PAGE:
In their discussion in the Lancet article, the investigators wrote: “Although viral load monitoring provided a moderate improvement in survival compared with other monitoring strategies, and would be predicted to reduce resistance accumulation and the ability to transmit resistant HIV to others, at around $3500 per life-year gained (compared with a strategy of new WHO stage 3/4events), at current costs such monitoring is unlikely to be cost effective in most resource-limited settings.”

They explained that since resistance to NVP and 3TC is almost always present at the time of virological failure of the WHO first line regimen, it is largely resistance to d4T and AZT at the start of the second regimen that will be different between the viral load and other monitoring strategies. They found the mean number of active drugs in the second-line regimen was only moderately lower when the multiple WHO stage 3/new WHO stage 4 strategy was used than with use of viral load monitoring, even though the clinical monitoring strategy allows the virus to accumulate thymidine analogue mutations over more than 4 years.

They noted that data on resistance has been largely based on patients in the north with subtype B virus.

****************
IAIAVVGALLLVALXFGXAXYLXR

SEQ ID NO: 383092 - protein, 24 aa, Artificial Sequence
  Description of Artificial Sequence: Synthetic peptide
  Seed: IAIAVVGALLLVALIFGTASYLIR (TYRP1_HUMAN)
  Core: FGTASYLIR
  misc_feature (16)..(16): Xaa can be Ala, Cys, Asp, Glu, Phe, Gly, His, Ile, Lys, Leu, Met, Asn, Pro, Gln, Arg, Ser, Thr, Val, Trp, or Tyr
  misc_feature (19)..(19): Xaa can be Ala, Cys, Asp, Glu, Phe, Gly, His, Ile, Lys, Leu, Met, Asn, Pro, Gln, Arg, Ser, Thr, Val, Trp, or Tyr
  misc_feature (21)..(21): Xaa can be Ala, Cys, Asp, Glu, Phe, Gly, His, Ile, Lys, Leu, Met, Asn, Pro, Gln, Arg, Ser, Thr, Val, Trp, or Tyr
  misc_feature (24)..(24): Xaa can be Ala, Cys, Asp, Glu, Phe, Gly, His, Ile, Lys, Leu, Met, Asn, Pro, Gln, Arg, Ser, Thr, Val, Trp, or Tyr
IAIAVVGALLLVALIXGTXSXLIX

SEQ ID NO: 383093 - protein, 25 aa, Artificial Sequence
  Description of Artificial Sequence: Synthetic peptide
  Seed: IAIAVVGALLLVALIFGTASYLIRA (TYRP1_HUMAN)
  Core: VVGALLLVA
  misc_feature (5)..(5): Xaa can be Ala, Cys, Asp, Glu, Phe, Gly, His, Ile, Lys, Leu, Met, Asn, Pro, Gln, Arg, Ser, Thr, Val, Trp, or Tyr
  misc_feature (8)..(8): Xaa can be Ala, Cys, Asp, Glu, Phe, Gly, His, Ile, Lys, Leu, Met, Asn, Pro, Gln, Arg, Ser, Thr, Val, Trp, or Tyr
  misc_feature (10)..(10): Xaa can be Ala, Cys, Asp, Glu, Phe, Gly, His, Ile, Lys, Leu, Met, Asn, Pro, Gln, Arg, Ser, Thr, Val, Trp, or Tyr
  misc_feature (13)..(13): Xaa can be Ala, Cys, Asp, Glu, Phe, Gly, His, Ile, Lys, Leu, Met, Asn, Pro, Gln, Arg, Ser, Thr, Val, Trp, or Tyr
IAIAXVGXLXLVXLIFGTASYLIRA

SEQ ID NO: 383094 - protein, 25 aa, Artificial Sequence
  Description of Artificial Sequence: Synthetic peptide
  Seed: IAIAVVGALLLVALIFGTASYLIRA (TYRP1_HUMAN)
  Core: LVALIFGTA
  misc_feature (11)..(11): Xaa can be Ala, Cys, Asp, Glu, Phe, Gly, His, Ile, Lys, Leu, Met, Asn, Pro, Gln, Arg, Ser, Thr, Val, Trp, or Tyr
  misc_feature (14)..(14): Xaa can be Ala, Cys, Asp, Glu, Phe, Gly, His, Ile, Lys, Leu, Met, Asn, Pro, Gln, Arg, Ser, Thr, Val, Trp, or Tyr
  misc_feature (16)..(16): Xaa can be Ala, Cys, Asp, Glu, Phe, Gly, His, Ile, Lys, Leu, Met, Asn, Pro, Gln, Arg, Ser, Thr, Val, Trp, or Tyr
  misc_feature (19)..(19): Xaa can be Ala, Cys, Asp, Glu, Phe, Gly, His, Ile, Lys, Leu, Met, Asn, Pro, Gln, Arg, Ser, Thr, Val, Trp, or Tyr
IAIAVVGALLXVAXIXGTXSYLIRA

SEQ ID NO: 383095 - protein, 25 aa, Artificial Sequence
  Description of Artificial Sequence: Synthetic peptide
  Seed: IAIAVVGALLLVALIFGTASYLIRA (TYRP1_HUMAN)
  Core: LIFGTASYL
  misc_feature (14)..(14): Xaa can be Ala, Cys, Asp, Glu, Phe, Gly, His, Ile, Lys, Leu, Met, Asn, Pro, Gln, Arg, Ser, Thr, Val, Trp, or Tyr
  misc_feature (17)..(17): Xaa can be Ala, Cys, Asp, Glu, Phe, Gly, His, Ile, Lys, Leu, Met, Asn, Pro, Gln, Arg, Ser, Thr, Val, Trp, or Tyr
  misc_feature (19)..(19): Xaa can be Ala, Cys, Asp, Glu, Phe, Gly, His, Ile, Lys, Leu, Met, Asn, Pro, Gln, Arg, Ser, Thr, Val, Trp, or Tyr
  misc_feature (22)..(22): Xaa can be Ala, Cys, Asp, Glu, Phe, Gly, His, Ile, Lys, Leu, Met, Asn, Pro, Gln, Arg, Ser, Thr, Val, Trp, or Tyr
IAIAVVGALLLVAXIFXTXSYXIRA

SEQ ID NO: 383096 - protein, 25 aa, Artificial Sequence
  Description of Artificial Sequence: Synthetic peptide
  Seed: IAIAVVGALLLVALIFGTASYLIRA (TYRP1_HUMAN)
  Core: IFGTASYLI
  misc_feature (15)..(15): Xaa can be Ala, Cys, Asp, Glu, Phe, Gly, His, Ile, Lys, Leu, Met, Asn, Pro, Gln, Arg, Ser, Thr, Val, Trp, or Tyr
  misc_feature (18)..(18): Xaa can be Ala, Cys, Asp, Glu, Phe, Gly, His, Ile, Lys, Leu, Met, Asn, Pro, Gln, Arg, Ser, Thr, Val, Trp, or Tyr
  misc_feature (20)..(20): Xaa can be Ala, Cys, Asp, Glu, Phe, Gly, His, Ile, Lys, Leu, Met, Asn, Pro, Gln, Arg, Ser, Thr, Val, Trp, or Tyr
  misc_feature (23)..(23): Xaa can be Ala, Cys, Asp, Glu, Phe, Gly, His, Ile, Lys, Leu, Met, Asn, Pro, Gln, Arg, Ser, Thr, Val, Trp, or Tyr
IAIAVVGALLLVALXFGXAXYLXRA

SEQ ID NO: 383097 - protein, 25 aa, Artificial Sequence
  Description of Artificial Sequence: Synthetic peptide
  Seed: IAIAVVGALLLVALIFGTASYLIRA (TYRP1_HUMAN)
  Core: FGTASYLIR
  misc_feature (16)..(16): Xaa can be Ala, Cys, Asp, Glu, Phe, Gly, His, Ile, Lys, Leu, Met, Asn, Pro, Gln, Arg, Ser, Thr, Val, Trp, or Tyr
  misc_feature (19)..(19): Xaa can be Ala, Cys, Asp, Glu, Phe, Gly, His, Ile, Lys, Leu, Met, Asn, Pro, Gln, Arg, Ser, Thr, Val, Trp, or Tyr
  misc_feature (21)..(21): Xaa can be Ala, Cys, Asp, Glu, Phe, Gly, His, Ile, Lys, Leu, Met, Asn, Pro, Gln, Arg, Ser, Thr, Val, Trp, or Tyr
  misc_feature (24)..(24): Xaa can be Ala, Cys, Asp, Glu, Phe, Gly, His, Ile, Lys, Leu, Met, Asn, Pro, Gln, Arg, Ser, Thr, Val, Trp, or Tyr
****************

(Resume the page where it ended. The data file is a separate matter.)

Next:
They predict that if d4T is replaced with tenofovir in first line regimens (as is increasingly happening in resource limited settings), their overall conclusions are unlikely to differ.

Additionally, if second-line regimens are used that are different to that in the model (including abacavir, ddI, and LPV/r or tenofovir, ddI, and LPV/r), these do not include AZT and so the investigators predict they would be, if anything, less sensitive to the accumulation of thymidine analogue mutations during first-line failure. Therefore their conclusions would probably hold for alternative second line regimens.

They concluded: “In summary, our results suggest that use of antiretroviral therapy without monitoring of viral load or CD4 cell count does not have marked detrimental effects on patient survival or on development of resistance. This finding is particularly relevant in view of the limited array of antiretroviral combinations available to the developing world. Access to antiretroviral therapy should be expanded to all settings as rapidly as possible; lack of access to laboratory monitoring should not be allowed to hinder this process.”


In an accompanying editorial to this article David Moore and Jonathan Mermin from HBAC write, “These results might seem surprising to clinicians familiar with HIV treatment in high-income countries, where the value of laboratory monitoring has been accepted since the introduction of highly active antiretroviral therapy in the mid-1990s.”

They rightly point out that the results from DART, which are anticipated next year, will further inform the question.


  1. Phillips AN. How do monitoring strategies influence antiretroviral treatment outcome in the developing world? BHIVA Plenary Session 3. 14th Annual BHIVA Conference, 23-25 April, 2008. Belfast.
  2. Phillips AN, Pillay D, Miners AH et al. Outcomes from monitoring of patients on antiretroviral therapy in resource-limited settings with viral load, CD4 cell count, or clinical observation alone: a computer simulation model. Lancet. Vol 371 April 26, 2008 1443.